Billy Hood, 24, was found guilty of possession, sale and drug trafficking after police found cannabis juice in his car January 31.
In the UK, CBD oil is legal because it contains only trace amounts – about 0.0 0.02% – psychoactive cannabinoids THC.
But the UAE – where Mr Hood moved from west London to work as a children’s soccer coach in 2020 – has a zero-tolerance approach to all cannabinoids and psychoactive drugs.
The UK Foreign Office’s website says the penalties for drug trafficking can be as severe as the death penalty, and that possession of a small amount of illicit drugs can result in up to four years in prison.
Mr Hood told the Dubai-based campaign group that police had unexpectedly come forward and demanded a search of his house and car. He also submitted voluntary drug tests that came back negative.
He claimed that the oil was released by a friend who came from England two weeks ago.
Dubai police are believed to have cracked down on him after monitoring WhatsApp messages and finding abbreviations for drug-related words such as CBD, cannabinol.
One week before Mr. Hood’s arrest, the friend who owned the vapor sent a message that he had forgotten it in his car.
According to the BBC, officers took Mr Hood to the police station and kept him in a cell for 14 days without any hygiene products.
This month, he was. Convicted A drug trafficking court sentenced him to 25 years in prison for plotting to assassinate him this month.
Now, he has reportedly told a friend that he is being tortured in Dubai’s Al Barsha prison.
Alfie Kane, a football agent, claimed that Mr Hood had been beaten for five days because Dubai CID officers tried to force him to confess to drug crimes.
Mr Hood signed a “confession” of drug trafficking written only in Arabic, because he was tired and in pain, and because officers said they would stop beating him if he did.
Mr. Kane was quoted as saying. the sun Saying: “It’s been bad in Barsha, I won’t sugar coat it.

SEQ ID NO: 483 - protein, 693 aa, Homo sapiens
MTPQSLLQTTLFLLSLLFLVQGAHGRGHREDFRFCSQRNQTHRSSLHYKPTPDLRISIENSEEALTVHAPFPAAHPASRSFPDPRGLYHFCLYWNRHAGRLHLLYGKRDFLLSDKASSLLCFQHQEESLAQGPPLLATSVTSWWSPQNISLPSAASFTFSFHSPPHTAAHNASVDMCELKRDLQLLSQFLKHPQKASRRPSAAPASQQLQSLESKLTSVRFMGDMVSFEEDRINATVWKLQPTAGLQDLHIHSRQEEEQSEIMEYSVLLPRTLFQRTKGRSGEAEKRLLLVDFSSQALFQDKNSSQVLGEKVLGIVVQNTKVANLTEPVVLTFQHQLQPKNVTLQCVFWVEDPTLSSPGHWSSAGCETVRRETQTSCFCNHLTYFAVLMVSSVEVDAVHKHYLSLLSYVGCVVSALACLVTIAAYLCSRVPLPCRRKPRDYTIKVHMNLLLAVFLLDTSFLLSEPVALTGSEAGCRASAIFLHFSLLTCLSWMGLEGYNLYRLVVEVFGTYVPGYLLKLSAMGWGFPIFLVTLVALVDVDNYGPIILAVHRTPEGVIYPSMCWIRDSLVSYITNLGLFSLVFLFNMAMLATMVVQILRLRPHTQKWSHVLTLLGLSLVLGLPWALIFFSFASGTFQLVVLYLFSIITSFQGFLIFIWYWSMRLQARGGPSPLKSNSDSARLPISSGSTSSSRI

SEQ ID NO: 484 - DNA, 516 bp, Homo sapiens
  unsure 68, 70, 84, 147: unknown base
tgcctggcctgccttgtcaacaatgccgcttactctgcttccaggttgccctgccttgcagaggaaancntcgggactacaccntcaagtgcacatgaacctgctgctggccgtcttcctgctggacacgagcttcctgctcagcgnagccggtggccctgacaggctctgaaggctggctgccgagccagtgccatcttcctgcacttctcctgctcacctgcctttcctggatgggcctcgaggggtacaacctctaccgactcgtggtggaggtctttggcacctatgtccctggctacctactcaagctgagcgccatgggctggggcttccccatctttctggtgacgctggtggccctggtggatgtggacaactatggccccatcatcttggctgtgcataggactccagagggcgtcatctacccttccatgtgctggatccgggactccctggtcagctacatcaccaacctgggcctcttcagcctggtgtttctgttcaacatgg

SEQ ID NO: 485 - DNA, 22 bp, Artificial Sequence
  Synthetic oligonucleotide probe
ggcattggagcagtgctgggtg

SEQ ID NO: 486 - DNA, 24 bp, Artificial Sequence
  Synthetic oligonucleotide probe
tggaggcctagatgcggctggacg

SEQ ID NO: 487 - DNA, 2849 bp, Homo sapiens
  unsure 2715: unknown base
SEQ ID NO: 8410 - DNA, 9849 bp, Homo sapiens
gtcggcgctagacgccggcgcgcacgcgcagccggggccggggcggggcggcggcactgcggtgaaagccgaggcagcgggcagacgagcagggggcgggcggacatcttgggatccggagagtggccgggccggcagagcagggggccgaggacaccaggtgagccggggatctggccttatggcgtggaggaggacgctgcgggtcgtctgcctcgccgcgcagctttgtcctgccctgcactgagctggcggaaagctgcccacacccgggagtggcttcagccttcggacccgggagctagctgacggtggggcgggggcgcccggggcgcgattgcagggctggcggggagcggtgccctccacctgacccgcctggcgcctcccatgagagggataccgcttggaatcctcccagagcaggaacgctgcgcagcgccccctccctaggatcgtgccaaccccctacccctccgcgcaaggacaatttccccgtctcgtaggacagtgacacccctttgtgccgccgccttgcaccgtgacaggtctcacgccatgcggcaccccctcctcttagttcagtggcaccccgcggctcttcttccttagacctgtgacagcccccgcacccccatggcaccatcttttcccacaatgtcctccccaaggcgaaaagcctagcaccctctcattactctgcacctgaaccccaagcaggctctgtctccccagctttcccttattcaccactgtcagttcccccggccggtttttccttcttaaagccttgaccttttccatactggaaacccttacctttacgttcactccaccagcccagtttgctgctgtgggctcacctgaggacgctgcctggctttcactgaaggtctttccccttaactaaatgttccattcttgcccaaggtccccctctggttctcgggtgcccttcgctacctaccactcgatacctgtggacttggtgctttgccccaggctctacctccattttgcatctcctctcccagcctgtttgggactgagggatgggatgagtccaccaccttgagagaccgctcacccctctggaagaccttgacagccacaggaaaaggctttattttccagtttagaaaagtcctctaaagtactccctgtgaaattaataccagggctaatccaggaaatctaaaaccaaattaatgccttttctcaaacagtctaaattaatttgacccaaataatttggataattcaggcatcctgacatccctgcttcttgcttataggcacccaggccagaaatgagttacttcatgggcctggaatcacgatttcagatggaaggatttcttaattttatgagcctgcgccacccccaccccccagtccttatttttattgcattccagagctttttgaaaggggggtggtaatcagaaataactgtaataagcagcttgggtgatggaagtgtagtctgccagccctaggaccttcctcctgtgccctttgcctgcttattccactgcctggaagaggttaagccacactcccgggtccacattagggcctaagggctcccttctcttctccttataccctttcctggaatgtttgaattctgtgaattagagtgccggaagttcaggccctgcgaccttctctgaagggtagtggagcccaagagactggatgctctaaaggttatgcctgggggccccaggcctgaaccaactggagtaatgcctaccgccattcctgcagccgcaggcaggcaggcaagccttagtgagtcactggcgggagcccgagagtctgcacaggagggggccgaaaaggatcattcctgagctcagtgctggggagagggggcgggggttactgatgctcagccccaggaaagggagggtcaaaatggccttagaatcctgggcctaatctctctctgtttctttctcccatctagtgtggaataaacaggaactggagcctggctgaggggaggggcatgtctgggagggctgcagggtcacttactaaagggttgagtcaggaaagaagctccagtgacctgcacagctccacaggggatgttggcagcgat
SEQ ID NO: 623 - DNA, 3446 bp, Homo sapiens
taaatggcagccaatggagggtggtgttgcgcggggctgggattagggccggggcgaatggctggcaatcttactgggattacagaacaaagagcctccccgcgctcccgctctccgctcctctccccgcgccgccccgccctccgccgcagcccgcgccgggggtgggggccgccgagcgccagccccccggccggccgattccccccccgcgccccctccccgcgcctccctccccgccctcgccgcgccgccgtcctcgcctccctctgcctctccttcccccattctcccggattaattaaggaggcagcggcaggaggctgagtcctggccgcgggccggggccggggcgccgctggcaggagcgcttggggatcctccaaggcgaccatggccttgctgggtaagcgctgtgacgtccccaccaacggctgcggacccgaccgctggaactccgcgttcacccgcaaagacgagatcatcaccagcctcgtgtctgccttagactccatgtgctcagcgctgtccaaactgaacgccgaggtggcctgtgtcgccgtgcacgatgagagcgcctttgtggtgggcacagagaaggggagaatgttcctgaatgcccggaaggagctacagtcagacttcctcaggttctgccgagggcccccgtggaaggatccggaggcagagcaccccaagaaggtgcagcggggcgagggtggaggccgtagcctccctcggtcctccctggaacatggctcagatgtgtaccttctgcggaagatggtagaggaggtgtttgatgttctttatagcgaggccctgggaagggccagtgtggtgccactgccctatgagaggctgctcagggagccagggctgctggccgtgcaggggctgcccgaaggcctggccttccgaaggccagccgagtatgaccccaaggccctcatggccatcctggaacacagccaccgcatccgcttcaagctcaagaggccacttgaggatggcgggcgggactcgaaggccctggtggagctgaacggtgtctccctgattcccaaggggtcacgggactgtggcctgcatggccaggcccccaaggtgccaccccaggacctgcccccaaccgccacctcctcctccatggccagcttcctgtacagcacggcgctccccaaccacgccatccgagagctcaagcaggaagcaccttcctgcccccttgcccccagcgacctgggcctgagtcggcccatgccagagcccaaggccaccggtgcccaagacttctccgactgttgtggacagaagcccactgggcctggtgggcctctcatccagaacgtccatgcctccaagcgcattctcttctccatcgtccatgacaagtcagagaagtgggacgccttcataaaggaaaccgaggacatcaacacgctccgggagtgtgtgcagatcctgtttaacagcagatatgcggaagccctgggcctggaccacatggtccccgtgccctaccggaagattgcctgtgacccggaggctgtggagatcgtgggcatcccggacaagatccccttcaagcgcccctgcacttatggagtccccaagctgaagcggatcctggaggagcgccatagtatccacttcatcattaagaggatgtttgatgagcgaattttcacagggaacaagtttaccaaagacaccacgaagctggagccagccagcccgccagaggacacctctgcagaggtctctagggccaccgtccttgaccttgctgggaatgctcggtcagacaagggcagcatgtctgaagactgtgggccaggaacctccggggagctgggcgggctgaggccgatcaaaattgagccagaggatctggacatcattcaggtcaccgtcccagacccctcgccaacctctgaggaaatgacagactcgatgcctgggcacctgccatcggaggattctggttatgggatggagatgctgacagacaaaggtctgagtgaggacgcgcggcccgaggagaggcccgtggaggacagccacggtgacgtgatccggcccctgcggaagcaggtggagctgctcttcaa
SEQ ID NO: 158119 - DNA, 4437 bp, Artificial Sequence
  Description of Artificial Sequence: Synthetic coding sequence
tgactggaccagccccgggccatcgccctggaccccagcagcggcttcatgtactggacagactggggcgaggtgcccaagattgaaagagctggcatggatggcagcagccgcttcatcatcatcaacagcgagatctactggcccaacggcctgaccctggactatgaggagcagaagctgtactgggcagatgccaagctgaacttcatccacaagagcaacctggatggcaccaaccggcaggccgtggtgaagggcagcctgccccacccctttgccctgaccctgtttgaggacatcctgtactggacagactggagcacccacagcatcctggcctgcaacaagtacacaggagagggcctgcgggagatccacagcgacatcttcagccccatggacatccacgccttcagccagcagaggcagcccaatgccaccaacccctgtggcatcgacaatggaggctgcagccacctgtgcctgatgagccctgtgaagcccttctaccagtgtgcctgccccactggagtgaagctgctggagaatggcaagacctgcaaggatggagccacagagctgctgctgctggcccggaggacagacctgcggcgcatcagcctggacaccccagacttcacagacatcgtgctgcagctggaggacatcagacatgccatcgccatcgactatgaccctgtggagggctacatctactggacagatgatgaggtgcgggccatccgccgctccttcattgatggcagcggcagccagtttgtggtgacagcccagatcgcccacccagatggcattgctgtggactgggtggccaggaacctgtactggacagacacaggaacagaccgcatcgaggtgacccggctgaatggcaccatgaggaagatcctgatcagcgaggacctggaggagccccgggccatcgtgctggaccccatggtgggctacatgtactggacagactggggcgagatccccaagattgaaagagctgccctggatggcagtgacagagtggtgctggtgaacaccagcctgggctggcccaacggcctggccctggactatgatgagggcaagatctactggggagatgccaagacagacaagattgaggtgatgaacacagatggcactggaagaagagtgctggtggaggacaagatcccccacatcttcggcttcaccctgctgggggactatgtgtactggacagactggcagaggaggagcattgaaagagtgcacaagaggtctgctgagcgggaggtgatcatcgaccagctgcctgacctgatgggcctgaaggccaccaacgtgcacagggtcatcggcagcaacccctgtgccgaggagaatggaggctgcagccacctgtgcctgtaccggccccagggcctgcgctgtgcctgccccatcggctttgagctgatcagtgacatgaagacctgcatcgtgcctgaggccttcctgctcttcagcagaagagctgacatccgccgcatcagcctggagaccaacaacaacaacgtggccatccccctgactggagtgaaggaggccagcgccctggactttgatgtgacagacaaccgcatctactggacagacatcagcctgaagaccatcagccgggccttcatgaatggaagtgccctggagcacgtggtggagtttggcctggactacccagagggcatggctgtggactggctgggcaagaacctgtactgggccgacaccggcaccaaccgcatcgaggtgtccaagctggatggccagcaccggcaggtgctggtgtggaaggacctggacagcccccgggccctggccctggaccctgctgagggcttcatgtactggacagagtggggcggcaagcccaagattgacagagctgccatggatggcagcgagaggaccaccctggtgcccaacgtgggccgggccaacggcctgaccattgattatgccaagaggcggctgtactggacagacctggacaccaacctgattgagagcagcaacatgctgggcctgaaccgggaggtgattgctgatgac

“When they took him to the CID drugs unit, they beat him for five days. He told me that the police officers harassed him, slapped him in the face and all he was fed was bread and a little bit. There was water, it was mainly tortured and kept in a cell with 30 other people for five days.
Billy said they told him he could go home if he signed the paper, so he gave him a piece of paper in Arabic and signed. He didn’t know what he was signing. “But he wanted to stop it.”
Radha Sterling, founder and CEO of the Detention Pressure Group in Dubai, which is helping the Hood family, said forced confessions are common in Dubai.
He described his treatment and punishment as “extreme”, saying “there is oil that can’t lift you up.”
Ms Sterling added that the seizure of CBD Oil would result in a maximum sentence of only two years, but Mr Hood’s sentence was 25 years on trafficking and sales charges.
Mr. Hood’s family has set up a GoFundMe page to pay legal fees, which is still there. Collected approximately 15,000..
On the fundraising page, it says: “It will be released in 10 days or maybe 10 years. At the moment we just don’t know.”
Mr Hood’s family is appealing to the UK and UAE governments to intervene.
His mother, Breda Guccion, told the BBC: “I hid myself, crying and crying when I think about what our sweet boy is going through. It’s the worst stress ever and I’m helpless. Feeling